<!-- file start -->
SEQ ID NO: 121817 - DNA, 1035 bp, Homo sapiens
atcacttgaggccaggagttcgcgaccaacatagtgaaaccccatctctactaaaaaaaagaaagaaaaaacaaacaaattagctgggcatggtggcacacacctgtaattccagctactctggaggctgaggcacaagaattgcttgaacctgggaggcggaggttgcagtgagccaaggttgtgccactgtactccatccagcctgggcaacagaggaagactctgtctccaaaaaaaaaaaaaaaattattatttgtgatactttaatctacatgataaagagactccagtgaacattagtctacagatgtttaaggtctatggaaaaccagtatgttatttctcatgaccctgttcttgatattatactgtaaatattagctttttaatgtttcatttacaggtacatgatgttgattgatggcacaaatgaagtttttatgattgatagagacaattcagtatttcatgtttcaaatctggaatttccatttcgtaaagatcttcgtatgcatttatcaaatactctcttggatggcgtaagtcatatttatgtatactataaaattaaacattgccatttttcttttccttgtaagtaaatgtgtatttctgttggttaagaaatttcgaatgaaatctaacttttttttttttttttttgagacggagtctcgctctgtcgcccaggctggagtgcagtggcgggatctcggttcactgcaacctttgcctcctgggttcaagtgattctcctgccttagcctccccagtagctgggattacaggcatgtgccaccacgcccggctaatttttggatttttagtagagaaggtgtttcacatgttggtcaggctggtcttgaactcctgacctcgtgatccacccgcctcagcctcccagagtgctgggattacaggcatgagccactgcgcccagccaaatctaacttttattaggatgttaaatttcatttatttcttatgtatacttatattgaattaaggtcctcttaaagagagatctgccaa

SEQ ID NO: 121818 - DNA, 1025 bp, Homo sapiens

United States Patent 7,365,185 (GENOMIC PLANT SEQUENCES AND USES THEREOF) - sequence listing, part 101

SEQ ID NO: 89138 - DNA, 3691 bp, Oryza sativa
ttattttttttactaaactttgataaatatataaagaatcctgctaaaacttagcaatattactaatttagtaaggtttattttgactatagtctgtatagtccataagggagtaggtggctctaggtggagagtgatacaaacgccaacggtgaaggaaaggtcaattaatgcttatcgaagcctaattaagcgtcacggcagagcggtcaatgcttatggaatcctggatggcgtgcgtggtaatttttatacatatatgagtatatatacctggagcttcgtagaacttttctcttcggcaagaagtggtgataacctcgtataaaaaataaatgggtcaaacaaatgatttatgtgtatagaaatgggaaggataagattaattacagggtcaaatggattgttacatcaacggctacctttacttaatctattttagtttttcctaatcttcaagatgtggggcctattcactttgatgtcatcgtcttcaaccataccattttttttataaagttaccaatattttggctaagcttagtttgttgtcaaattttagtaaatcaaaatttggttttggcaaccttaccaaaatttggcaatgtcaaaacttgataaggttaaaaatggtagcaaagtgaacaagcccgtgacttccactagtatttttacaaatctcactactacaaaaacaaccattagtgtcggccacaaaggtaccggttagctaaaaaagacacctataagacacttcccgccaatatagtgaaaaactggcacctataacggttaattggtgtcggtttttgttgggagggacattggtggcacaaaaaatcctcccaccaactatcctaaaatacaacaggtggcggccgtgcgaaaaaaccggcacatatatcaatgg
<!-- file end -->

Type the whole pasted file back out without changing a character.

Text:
SEQ ID NO: 121817 - DNA, 1035 bp, Homo sapiens
atcacttgaggccaggagttcgcgaccaacatagtgaaaccccatctctactaaaaaaaagaaagaaaaaacaaacaaattagctgggcatggtggcacacacctgtaattccagctactctggaggctgaggcacaagaattgcttgaacctgggaggcggaggttgcagtgagccaaggttgtgccactgtactccatccagcctgggcaacagaggaagactctgtctccaaaaaaaaaaaaaaaattattatttgtgatactttaatctacatgataaagagactccagtgaacattagtctacagatgtttaaggtctatggaaaaccagtatgttatttctcatgaccctgttcttgatattatactgtaaatattagctttttaatgtttcatttacaggtacatgatgttgattgatggcacaaatgaagtttttatgattgatagagacaattcagtatttcatgtttcaaatctggaatttccatttcgtaaagatcttcgtatgcatttatcaaatactctcttggatggcgtaagtcatatttatgtatactataaaattaaacattgccatttttcttttccttgtaagtaaatgtgtatttctgttggttaagaaatttcgaatgaaatctaacttttttttttttttttttgagacggagtctcgctctgtcgcccaggctggagtgcagtggcgggatctcggttcactgcaacctttgcctcctgggttcaagtgattctcctgccttagcctccccagtagctgggattacaggcatgtgccaccacgcccggctaatttttggatttttagtagagaaggtgtttcacatgttggtcaggctggtcttgaactcctgacctcgtgatccacccgcctcagcctcccagagtgctgggattacaggcatgagccactgcgcccagccaaatctaacttttattaggatgttaaatttcatttatttcttatgtatacttatattgaattaaggtcctcttaaagagagatctgccaa

SEQ ID NO: 121818 - DNA, 1025 bp, Homo sapiens

United States Patent 7,365,185 (GENOMIC PLANT SEQUENCES AND USES THEREOF) - sequence listing, part 101

SEQ ID NO: 89138 - DNA, 3691 bp, Oryza sativa
ttattttttttactaaactttgataaatatataaagaatcctgctaaaacttagcaatattactaatttagtaaggtttattttgactatagtctgtatagtccataagggagtaggtggctctaggtggagagtgatacaaacgccaacggtgaaggaaaggtcaattaatgcttatcgaagcctaattaagcgtcacggcagagcggtcaatgcttatggaatcctggatggcgtgcgtggtaatttttatacatatatgagtatatatacctggagcttcgtagaacttttctcttcggcaagaagtggtgataacctcgtataaaaaataaatgggtcaaacaaatgatttatgtgtatagaaatgggaaggataagattaattacagggtcaaatggattgttacatcaacggctacctttacttaatctattttagtttttcctaatcttcaagatgtggggcctattcactttgatgtcatcgtcttcaaccataccattttttttataaagttaccaatattttggctaagcttagtttgttgtcaaattttagtaaatcaaaatttggttttggcaaccttaccaaaatttggcaatgtcaaaacttgataaggttaaaaatggtagcaaagtgaacaagcccgtgacttccactagtatttttacaaatctcactactacaaaaacaaccattagtgtcggccacaaaggtaccggttagctaaaaaagacacctataagacacttcccgccaatatagtgaaaaactggcacctataacggttaattggtgtcggtttttgttgggagggacattggtggcacaaaaaatcctcccaccaactatcctaaaatacaacaggtggcggccgtgcgaaaaaaccggcacatatatcaatgg